The installation completed rather quickly over a FireWire cable, and now I had a good lightweight install of Tiger on the LaCie drive. I tested a boot of it to the iBook and it worked perfectly.

Now I went over to the iMac. First, I plugged in the LaCie via USB to the iMac. This drive requires external power if you’re using USB, so I had to plug it in to it’s A/C adapter. I popped in a Panther install CD and ran the installer. The computer reboots off the CD and I now can do things to the internal drive via Disk Utility, available from the Installer drop-down menu. I clicked the Restore tab and dragged the external LaCie icon to the Source field, and the internal drive to the Destination field. For good measure, I clicked the Erase Destination preference. I clicked the Restore button, and let ‘er rip. Went to bed. These iMacs were notoriously quiet, so I couldn’t hear a thing during the cutover process, and slept soundly

Next morning I checked and the process seemed to work. Unplugged the LaCie, set my Startup Disk preference, and it rebooted into Tiger. After a billion updates, she’s running 10.4.2.

Now, this thing is of course slow, but surprisingly responsive enough to get basic work done. I am running BBEdit, Interarchy 7, and surprisingly, Dreamweaver 8 effectively. Dreamweaver is a bit of a hog, but I’m mostly just working in code view and applying some PHP behaviors and using file synchronization. Really, with the code completion, it’s still faster than typing in BBEdit. I’m currently installing PHP5 and MySQL 4.1, and those ran OK under 10.3, at least good enough for local development.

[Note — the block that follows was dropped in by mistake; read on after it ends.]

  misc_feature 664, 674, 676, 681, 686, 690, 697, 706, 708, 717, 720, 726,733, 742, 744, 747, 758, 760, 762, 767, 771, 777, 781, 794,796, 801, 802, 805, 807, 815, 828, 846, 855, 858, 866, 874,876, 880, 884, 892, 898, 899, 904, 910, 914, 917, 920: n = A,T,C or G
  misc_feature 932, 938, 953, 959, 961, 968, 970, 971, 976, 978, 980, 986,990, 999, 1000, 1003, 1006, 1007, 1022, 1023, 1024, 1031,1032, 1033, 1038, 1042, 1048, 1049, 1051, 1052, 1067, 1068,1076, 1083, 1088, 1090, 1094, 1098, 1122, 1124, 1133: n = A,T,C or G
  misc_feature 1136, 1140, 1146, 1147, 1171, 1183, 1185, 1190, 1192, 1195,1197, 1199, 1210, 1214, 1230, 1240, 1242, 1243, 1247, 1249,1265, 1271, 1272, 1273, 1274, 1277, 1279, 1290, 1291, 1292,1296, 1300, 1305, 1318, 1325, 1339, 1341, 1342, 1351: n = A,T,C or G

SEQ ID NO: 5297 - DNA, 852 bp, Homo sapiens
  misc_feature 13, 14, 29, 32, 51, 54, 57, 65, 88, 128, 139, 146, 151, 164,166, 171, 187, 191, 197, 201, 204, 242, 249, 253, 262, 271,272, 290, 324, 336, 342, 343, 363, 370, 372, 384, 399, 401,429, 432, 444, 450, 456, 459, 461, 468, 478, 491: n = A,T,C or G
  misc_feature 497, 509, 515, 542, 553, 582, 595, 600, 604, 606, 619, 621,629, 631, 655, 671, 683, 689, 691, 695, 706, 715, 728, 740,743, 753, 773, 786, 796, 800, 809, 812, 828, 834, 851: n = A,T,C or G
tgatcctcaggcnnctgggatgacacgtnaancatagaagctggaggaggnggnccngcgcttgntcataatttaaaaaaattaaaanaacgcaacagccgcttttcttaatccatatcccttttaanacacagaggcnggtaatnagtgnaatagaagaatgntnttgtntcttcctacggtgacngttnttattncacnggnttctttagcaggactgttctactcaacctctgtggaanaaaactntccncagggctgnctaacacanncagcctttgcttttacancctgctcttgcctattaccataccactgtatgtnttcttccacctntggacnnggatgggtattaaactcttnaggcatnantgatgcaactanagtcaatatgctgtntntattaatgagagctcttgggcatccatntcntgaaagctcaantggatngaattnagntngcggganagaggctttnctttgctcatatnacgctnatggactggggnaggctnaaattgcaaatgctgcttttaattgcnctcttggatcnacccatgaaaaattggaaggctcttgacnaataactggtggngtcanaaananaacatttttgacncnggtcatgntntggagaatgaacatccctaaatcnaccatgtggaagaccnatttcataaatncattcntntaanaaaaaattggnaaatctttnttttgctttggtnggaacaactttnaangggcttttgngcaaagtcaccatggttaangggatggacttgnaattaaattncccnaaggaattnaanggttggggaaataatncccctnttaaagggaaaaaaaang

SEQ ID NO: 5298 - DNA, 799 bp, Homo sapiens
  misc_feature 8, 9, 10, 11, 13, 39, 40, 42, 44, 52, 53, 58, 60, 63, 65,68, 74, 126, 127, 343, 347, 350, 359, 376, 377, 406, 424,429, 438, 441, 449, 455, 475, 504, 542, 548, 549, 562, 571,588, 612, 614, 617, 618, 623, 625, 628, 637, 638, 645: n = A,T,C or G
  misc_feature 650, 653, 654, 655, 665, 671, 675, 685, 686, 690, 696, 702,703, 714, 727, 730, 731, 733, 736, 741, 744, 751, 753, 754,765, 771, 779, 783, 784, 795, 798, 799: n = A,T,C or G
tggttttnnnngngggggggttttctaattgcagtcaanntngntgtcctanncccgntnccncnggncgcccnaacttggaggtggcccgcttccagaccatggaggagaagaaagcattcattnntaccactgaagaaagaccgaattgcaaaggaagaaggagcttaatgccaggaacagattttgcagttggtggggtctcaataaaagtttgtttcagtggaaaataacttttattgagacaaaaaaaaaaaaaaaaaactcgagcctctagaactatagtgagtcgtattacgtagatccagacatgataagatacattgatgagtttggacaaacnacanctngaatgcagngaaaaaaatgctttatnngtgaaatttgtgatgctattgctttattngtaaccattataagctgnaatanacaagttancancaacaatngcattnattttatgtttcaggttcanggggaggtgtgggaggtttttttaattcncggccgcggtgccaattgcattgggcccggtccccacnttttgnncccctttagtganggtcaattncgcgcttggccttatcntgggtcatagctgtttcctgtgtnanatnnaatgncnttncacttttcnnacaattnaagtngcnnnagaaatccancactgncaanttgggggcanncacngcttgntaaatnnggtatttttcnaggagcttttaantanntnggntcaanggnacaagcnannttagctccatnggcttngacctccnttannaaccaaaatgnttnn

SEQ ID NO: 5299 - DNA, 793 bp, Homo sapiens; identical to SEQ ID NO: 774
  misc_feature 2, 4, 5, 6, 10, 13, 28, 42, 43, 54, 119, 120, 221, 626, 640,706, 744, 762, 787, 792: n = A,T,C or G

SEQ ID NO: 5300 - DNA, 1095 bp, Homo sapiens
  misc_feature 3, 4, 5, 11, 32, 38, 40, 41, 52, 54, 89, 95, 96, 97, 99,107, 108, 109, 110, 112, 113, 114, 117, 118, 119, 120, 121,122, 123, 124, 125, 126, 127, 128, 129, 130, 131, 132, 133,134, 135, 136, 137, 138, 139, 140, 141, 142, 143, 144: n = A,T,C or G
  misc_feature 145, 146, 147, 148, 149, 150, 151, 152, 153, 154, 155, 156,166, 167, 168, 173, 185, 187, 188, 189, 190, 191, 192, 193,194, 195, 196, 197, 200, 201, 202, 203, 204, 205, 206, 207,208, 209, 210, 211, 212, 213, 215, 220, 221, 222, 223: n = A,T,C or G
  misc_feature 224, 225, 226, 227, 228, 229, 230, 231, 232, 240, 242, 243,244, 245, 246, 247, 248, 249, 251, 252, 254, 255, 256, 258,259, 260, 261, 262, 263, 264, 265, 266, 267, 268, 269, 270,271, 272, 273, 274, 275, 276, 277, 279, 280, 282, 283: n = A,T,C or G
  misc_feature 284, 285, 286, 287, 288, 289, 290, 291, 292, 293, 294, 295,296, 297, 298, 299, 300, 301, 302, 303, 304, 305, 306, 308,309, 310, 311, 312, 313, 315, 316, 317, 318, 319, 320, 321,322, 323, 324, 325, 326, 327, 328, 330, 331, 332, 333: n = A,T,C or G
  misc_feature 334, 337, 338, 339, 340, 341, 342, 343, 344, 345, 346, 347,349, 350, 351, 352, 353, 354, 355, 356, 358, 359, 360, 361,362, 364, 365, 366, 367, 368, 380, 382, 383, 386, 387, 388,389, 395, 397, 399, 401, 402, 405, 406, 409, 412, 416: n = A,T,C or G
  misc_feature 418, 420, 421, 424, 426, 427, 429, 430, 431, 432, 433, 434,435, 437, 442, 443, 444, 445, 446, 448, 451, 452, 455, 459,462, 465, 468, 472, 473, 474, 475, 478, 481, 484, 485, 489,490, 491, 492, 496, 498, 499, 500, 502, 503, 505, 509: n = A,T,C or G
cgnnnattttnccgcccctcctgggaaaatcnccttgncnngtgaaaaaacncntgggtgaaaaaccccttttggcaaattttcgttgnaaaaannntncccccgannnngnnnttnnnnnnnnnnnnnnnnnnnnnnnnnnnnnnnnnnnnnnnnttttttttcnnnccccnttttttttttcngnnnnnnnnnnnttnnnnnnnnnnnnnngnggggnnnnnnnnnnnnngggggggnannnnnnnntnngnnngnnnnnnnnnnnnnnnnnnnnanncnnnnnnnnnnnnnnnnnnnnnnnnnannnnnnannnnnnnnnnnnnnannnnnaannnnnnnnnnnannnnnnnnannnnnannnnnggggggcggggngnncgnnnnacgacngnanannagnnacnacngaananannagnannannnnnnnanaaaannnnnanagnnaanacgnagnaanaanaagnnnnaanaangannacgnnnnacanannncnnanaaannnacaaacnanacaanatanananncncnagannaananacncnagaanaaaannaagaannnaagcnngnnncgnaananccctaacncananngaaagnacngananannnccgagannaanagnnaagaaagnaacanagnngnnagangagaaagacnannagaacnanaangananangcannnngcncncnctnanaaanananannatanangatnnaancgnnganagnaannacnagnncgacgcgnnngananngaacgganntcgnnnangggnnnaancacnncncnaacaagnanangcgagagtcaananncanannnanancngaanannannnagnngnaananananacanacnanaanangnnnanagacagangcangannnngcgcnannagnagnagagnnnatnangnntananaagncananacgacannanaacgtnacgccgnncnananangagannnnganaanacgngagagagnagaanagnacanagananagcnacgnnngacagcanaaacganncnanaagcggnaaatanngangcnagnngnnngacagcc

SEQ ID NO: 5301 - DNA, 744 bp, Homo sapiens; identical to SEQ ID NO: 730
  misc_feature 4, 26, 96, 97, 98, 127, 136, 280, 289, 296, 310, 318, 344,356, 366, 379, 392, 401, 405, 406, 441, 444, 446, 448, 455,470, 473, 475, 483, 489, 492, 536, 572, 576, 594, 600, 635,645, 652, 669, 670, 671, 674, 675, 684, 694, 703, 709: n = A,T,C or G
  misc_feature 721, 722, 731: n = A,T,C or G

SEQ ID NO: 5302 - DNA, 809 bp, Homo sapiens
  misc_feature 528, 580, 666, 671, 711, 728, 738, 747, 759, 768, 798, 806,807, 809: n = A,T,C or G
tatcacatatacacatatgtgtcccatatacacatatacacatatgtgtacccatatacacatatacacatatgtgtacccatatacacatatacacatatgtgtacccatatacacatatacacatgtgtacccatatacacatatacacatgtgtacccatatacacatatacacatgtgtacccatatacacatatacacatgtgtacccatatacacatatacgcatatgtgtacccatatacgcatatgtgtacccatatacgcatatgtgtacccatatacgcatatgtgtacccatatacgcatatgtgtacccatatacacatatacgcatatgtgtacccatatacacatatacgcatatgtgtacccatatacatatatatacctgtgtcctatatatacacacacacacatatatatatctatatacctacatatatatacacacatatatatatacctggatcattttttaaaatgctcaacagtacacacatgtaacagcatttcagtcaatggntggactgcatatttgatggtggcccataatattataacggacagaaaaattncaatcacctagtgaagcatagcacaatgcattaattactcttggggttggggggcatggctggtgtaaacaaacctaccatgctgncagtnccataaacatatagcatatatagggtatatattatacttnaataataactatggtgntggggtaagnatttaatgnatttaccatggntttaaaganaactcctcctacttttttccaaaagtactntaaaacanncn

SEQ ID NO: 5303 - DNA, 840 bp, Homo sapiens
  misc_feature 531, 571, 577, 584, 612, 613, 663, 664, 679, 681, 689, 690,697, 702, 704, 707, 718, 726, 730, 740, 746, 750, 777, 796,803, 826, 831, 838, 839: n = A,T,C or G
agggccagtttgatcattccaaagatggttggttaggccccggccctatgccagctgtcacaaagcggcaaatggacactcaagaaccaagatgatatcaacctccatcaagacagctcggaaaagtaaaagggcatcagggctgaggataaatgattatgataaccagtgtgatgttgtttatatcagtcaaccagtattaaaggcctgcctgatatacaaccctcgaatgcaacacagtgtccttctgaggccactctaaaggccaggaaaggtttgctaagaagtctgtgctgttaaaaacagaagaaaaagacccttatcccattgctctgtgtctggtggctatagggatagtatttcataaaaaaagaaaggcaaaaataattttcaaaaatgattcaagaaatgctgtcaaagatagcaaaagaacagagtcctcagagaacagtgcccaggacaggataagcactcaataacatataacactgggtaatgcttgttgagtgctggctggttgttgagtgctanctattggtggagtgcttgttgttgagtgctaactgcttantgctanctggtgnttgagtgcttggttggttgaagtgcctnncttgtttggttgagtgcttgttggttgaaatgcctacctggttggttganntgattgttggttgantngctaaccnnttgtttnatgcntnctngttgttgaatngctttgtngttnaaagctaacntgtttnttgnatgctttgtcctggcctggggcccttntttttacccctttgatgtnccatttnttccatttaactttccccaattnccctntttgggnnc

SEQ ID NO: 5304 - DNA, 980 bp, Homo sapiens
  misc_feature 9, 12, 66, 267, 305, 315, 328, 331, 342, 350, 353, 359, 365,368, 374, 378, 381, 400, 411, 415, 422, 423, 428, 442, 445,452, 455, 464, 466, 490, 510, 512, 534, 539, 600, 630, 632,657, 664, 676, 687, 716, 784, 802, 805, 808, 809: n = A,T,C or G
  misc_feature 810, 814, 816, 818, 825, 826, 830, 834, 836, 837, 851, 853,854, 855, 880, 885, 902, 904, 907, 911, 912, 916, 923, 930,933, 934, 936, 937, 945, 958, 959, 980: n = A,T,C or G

Well, good. Now to install that image on the old Tangerine 266 MHz box…

Grandma’s Cinnamon Rolls

Oh yes. As part of the ongoing effort to preserve some of my grandmothers’ best recipes, I offer you the source code for her cinnamon rolls. I think that for most of us, this was our favorite. It was for me. I am going to give this a try next weekend to see if I can come somewhat close:

Note: This is a very soft dough and requires an electric mixer with a dough
hook to knead.


  • 2 cups milk
  • 1 tsp salt
  • one half cup sugar
  • one quarter pound butter
  • 4 eggs
  • 1 Tblsp vanilla
  • one quarter cup lukewarm water
  • 2 Tblsps sugar
  • 2 pkgs dry yeast
  • 7 cups unsifted, all purpose white flour
  • one quarter pound milted butter
  • one and a half cups dark brown sugar
  • 1 Tblsp cinnamon
  • 2 cups powdered sugar
  • one quarter cup orange juice and grated rind of 1 orange
  • Pinch of salt



Combine milk, salt, one half cup sugar and butter in a pan. Heat to scald, remove from heat and cool to lukewarm. When milk, sugar and butter mixture is lukewarm, add eggs, slightly beaten, and vanilla. Set aside. Combine to proof yeast, water, 2 Tblsps sugar, and let stand ten minutes. Combine milk and sugar mixture with yeast mixture in mixing bowl and slowly start beating in flour one half cup at a time.

The dough is very soft and it is very important to knead the dough using a dough hook for twenty to thirty minutes or the dough will be very difficult to handle. After kneading, let dough rise until doubled in bulk and punch down. Turn out onto floured board and roll out into a large rectangle about one half inch thick.


Spread melted butter over rolled out dough; sprinkle brown sugar on top of butter; sprinkle cinnamon on top of butter and brown sugar. Loosely roll into a long log and slice one one and a half inches thick. Place slices onto greased pans. Let rise. Bake at 350 degrees approximately twenty to twenty-five minutes or until lightly golden brown-remove from oven,brush with melted butter.


Mix all ingredients together and brush over hot rolls.

My note: One addition grandma used to include to the filling was raisins. I like ’em with the raisins in.